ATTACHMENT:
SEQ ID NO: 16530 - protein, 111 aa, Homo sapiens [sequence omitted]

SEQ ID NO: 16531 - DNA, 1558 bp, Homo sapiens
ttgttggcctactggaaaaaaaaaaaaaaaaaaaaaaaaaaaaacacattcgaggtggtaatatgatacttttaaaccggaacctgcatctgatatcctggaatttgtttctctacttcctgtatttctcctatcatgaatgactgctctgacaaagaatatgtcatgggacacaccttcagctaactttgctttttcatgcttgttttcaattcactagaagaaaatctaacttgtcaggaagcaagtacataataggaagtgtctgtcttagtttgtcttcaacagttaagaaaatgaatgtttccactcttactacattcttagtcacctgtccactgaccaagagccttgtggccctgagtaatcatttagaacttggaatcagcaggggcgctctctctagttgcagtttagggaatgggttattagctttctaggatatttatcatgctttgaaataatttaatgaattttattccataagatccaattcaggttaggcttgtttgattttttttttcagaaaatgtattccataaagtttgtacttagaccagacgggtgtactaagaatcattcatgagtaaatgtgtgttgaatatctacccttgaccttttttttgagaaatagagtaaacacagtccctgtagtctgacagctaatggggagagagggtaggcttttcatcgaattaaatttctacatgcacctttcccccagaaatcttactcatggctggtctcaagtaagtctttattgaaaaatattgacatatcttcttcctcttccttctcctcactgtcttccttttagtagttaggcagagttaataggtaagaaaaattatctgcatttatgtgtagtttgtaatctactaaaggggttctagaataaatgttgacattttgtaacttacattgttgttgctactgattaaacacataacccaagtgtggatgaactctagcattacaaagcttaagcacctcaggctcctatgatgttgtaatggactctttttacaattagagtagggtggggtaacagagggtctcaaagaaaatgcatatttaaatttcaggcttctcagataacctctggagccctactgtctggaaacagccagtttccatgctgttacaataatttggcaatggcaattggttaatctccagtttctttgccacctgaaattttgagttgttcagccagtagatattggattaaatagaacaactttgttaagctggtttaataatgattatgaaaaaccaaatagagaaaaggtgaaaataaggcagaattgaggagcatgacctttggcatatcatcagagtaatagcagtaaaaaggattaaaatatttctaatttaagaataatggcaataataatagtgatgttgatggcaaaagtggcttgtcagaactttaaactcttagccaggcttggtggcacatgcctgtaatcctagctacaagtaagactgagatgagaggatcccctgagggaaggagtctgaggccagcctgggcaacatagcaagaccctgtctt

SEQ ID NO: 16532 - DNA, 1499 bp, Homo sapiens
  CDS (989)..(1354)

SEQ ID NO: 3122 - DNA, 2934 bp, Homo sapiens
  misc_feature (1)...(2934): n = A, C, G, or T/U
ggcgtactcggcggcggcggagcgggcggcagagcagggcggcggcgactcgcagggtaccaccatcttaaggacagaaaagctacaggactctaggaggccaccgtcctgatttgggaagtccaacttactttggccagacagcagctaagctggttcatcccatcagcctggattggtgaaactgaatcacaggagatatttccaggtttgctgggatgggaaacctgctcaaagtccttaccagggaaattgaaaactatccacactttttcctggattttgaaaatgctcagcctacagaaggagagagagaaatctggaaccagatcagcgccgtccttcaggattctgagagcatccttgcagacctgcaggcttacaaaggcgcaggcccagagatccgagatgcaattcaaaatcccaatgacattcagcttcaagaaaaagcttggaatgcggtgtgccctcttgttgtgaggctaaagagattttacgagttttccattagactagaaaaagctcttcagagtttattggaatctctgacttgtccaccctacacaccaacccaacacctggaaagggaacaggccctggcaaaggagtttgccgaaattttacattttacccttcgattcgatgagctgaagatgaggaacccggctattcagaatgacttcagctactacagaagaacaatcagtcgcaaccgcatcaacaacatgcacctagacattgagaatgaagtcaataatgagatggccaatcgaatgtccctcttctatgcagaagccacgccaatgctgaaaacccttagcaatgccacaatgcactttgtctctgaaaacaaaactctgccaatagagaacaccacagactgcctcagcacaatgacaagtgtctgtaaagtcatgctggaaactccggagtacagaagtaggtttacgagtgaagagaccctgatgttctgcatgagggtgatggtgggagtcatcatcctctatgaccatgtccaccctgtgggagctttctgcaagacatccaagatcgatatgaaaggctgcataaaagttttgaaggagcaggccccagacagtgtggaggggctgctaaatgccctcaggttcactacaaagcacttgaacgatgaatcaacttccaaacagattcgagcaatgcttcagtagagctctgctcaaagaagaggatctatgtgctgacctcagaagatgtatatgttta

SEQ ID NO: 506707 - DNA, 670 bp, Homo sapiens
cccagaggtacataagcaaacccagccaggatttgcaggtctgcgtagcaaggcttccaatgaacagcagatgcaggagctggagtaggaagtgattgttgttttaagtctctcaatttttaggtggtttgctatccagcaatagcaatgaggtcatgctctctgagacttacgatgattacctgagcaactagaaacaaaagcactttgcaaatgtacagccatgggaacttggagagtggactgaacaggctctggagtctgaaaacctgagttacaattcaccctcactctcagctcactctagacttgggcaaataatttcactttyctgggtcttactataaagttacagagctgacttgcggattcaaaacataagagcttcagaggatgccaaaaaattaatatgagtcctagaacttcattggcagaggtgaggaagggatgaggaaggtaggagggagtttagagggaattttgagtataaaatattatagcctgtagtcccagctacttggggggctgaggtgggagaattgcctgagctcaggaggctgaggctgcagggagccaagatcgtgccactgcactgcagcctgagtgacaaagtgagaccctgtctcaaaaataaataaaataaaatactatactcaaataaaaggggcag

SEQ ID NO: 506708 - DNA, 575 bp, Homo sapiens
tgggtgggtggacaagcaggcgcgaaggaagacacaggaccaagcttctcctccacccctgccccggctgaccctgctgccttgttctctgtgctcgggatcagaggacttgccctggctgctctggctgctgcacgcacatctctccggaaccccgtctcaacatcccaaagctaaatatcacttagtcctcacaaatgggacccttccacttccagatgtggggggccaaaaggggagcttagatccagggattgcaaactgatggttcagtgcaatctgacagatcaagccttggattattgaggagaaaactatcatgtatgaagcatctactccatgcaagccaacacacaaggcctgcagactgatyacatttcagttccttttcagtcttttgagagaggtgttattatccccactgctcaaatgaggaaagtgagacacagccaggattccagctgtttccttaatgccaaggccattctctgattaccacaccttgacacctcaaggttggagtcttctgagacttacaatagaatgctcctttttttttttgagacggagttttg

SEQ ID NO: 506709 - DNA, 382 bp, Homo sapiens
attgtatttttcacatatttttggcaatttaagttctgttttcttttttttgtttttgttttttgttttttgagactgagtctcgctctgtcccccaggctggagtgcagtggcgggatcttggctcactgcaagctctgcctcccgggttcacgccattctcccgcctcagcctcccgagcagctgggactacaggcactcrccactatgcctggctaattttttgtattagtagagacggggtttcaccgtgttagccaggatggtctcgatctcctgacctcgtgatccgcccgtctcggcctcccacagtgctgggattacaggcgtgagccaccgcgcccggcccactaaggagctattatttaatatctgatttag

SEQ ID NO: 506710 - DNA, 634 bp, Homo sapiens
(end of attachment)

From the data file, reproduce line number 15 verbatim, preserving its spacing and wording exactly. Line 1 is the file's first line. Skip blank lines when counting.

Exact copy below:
SEQ ID NO: 506710 - DNA, 634 bp, Homo sapiens